JULIAN COLA is a freelance translator who holds a BA (cum laude) in Portuguese from the University of New Mexico.
NICK CONRAD’s poems continue to appear in national and international journals, most recently Badlands, Blast Furnace, Clackamas Literary Review, Coe Review, The Comstock Review, The Cortland Review, Fourth River, Hawai’i Pacific Review, Kentucky Review, Orbis (UK), Slipstream, Southern Poetry Review, Split Rock Review, Stoneboat, Valparaiso Poetry Review, and Wilderness House Literary Review. Other publications include Alaska Quarterly Review, Argestes, Birmingham Poetry Review, Borderlands, The Chariton Review, Common Ground, Crab Creek Review, Dos Passos Review, Eclipse, Green House, J Journal, The Kerf, The Literary Review, Magma (UK), Potomac Review, The Seattle Review, South Carolina Review, Southern Poetry Review, The Sow’s Ear Poetry Review, Tar River Poetry, Talking River, Texas Literary Review, The Times Literary Supplement, Wisconsin Review, and others.
ROBERT COWAN is a professor and a dean at the City University of New York and a volunteer instructor at Rikers Island Correctional Facility. He is the author of The Indo-German Identification: Reconciling South Asian Origins and European Destinies, 1765-1885 and Teaching Double Negatives: Disadvantage and Dissent at Community College and is completing two hybrid-genre manuscripts, one of which includes “Amaranthine Days.”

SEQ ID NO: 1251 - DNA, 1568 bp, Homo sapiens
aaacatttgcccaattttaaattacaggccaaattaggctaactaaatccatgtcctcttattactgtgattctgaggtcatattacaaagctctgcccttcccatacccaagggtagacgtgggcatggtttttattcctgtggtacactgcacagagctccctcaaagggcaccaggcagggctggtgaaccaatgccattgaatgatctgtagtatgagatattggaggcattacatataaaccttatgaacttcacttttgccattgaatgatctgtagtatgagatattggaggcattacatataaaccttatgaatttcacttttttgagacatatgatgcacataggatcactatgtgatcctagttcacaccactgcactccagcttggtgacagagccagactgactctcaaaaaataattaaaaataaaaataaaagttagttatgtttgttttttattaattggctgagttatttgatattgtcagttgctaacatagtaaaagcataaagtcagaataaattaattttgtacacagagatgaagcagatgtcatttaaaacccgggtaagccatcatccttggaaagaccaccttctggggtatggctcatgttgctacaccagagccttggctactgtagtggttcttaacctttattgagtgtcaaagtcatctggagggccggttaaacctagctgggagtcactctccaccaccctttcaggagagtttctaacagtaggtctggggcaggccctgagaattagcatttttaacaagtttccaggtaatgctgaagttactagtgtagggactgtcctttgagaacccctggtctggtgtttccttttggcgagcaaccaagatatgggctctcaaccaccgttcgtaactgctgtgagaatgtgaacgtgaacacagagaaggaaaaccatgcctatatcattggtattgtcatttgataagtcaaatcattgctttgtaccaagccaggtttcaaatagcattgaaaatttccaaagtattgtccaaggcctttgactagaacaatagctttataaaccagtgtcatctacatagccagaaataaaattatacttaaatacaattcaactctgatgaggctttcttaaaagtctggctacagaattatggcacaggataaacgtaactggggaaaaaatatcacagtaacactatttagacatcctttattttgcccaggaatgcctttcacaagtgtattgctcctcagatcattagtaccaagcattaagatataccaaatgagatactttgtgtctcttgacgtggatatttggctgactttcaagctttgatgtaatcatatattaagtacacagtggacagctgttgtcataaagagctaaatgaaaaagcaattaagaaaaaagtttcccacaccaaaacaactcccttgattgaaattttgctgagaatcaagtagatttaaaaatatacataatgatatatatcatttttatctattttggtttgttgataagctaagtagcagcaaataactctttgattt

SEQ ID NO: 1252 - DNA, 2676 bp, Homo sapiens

MALCOLM CUMMING was born in Zimbabwe, spent his formative years in Malawi and South Africa, and he has ranged about the world since. He has twice been a finalist in PEN Africa’s ‘New Writing from Africa’ competition series, and he has also had stories published in New Contrast, Wordsetc and Something Wicked. He currently lives and works in London.
JESSE DELONG teaches composition and literature at Southern University. His work has appeared in Colorado Review, Mid-American Review, American Letters and Commentary, Indiana Review, and Painted Bride Quarterly, as well as the anthologies Best New Poets 2011 and Feast: Poetry and Recipes for a Full Seating at Dinner. His chapbooks, Tearings, and Other Poems and Earthwards, were released by Curly Head Press.
DARREN DEMAREE’s work has appeared in numerous magazines/journals, including the South Dakota Review, Meridian, New Letters, Diagram, and the Colorado Review. He is the author of five poetry collections, most recently The Nineteen Steps Between Us (2016, After the Pause). He is the Managing Editor of the Best of the Net anthology and Ovenbird Poetry. He is currently living and writing in Columbus, Ohio with his wife and children.
LIZ EGAN teaches writing and directs the writing center at Millsaps College in Jackson, Mississippi. She holds an MFA in fiction from George Mason University, and is co-editor of Gazing Grain Press, an inclusive feminist chapbook press.
CLARISSE FRANCILLON (1899 – 1976) was born in Switzerland and then moved to Paris in 1934, where she was “discovered” by the famous editor Maurice Nadeau. In her lifetime, she published roughly twenty novels and dozens of short stories, and was critically acclaimed in both France and Switzerland. She wrote both conventional and more experimental forms of fiction, and she bravely explored taboo subjects related to women’s lives. Very often set in Paris, she wrote about single women, ambitious women, difficult women. None of her work has previously been translated into English.